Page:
The Filipino traffic policemen have gone back to their posts at the corners of avenues and principal streets. There are also a number of other peace and order agencies whose members carry no weapon other than a wooden stick, which replaces the rattan stick with which the police were armed when the Japanese arrived. The policemen direct the traffic while their Japanese counterparts stay under shades of trees or in alleys adjacent to buildings, giving the orders. It is typical of what is happening in the civilian administration.
In many cases, the Japanese apply rules obtaining in Japan but unknown in the Philippines. Whenever a Japanese traffic officer spots a violation—according to his standards—he would blow his whistle, and the Filipino policeman would run after the infractor and bring him to his master, who would then furiously reprimand the violator. The latter, not understanding the Japanese language, would merely bow continuously to pacify the Japanese. Sometimes the violator is released. At other times he is tied to a tree for a long time in punishment of a violation he never knew he committed. The poor Filipino, who could not understand a word, would end up not complying or doing the opposite infuriating the Japanese who would start dealing blows with his saber.
I never thought the Oriental imagination could be so fertile as to be able to invent such refined and painful torments. There are three classes of offenses which the Japanese punish with unusual rigidity; thievery and looting, traffic violation, and disrespect for agents of the law.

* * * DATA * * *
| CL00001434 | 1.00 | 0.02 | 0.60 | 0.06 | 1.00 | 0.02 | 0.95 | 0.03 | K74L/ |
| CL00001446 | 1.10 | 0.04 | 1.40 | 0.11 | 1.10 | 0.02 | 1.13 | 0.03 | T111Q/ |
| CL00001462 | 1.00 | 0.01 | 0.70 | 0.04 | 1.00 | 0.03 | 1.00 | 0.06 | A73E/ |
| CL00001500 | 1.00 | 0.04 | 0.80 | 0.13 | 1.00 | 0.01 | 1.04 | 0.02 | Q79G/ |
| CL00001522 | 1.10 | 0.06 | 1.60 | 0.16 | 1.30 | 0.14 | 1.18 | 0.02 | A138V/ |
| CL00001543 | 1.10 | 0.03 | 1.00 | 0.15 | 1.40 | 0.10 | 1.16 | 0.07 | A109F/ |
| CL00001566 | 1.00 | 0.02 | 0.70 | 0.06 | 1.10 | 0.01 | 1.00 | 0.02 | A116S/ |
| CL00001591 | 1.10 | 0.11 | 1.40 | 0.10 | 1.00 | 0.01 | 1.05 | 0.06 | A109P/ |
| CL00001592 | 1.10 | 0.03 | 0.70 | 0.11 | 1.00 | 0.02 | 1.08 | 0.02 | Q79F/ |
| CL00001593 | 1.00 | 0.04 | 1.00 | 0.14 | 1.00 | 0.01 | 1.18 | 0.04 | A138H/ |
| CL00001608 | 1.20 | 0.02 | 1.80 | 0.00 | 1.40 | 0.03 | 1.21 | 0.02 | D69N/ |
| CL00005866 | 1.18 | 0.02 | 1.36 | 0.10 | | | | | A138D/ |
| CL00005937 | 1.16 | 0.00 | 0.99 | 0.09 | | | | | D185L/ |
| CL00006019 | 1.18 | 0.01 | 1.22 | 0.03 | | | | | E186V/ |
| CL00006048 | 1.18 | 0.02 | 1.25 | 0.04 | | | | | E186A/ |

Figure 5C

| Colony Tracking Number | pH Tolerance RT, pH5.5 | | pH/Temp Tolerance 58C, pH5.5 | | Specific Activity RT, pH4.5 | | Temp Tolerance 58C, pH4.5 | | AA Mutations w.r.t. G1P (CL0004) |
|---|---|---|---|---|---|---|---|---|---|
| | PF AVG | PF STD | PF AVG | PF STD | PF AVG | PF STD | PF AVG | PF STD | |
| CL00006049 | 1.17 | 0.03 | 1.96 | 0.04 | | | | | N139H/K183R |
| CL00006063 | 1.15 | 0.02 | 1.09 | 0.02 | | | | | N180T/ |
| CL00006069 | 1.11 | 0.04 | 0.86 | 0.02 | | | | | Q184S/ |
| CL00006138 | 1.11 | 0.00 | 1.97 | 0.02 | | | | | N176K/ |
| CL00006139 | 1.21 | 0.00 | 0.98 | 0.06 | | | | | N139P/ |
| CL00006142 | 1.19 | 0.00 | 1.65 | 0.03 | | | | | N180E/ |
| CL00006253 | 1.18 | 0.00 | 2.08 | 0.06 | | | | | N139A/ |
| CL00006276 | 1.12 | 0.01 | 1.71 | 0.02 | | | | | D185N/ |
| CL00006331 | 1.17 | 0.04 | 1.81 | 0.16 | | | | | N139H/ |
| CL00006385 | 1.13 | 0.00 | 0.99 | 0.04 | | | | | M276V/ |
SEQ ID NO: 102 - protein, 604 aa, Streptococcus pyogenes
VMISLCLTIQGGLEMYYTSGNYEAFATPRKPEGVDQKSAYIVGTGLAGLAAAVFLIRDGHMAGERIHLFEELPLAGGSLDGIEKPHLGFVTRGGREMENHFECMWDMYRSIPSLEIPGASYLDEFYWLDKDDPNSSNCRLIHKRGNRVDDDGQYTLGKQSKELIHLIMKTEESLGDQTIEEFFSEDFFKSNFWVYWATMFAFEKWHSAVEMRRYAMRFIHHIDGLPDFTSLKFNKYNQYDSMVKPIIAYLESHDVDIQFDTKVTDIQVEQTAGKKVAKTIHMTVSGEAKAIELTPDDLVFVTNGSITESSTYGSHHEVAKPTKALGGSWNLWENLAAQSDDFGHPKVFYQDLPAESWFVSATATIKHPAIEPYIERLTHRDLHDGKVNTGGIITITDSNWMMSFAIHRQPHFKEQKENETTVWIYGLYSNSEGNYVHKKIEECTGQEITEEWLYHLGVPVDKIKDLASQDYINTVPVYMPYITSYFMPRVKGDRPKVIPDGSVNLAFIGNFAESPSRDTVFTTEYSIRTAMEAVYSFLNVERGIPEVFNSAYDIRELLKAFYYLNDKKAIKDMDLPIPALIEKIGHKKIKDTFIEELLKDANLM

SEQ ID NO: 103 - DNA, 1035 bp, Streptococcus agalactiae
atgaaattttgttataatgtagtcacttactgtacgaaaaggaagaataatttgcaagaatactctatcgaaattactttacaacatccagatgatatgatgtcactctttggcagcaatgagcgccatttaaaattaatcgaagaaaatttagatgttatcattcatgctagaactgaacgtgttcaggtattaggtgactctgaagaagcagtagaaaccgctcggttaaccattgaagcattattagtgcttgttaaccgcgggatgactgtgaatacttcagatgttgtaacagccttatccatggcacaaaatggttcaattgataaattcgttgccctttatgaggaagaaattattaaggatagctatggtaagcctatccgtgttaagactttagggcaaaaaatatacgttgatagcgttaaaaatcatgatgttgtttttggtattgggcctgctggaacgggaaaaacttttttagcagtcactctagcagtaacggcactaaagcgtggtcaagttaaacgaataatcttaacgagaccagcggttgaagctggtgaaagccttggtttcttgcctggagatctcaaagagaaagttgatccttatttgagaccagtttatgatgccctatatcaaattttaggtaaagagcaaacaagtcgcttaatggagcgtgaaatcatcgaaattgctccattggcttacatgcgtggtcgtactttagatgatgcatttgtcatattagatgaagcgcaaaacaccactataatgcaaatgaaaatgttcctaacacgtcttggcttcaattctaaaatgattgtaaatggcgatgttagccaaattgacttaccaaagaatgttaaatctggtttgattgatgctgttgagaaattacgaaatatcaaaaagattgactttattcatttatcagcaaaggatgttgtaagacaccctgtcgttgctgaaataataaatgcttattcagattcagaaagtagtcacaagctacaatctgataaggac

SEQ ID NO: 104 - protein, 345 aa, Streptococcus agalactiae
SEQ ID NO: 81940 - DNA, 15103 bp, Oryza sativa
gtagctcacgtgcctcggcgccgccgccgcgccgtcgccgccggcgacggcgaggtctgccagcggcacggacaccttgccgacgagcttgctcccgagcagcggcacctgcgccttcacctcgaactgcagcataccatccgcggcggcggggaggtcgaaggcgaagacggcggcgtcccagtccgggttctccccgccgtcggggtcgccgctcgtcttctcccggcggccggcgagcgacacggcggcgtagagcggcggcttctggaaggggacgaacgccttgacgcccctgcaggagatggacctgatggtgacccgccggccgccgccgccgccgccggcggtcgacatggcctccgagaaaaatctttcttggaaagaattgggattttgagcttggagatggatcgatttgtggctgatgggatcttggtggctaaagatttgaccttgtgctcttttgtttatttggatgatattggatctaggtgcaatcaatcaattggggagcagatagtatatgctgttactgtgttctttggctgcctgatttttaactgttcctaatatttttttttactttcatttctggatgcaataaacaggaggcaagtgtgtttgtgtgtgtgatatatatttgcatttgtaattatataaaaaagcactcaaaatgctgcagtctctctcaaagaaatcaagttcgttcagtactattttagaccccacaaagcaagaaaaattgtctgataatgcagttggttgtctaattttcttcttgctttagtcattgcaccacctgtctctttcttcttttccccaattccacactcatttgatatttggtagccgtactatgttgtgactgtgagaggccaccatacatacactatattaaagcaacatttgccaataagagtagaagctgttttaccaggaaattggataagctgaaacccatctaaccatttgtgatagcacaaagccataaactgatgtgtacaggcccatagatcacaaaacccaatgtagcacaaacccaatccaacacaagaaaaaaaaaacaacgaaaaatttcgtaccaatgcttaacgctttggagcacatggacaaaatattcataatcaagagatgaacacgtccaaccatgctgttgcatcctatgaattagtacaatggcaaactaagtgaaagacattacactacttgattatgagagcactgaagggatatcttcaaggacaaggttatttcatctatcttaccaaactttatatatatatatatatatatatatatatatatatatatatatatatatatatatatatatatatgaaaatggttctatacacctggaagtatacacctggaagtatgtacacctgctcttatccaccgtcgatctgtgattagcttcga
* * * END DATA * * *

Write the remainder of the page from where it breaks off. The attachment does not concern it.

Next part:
Thieves and looters are kicked or dealt saber blows. Recidivists, or those who rob military installations, are made to walk on their knees and whipped, or their hands tied behind the head which is placed between the legs all tied up, and then hurled rolling against the wall, like a human ball.
Traffic violators are tied to a tree or post and kept there under the sun in public view for two days. In a few cases, when two infractors are caught at the same time, they are made to deal blows on each other until they are both hurt and exhausted.
Sometimes while the hands are tied behind the back the infractor is pushed from the front, tripping him at the same time and sending him rolling on the ground. This is repeated over and over until the poor fellow is bruised and bleeding.
Those who fail to salute the sentries posted in many strategic places are made to bow twenty times or more and if the performance is not satisfactory, the infractor is given saber blows.
These acts do not serve the new masters well in the sight of the public which talks about, compares, criticizes and is horrified by these novel methods. The repertoire of exquisite torments is inexhaustible.
Those mentioned are the most common. Each day new forms of cruelty are being invented or imported.
However, it should be noted that the same rigidity and strictness are applied to delinquent Japanese, civilian or military. The same punishments are dealt in the same public manner, although the Japanese either are less sensitive or are simply accustomed to such practices. They accept the blows without wincing, in stoic passiveness, firm as a statue before their henchmen.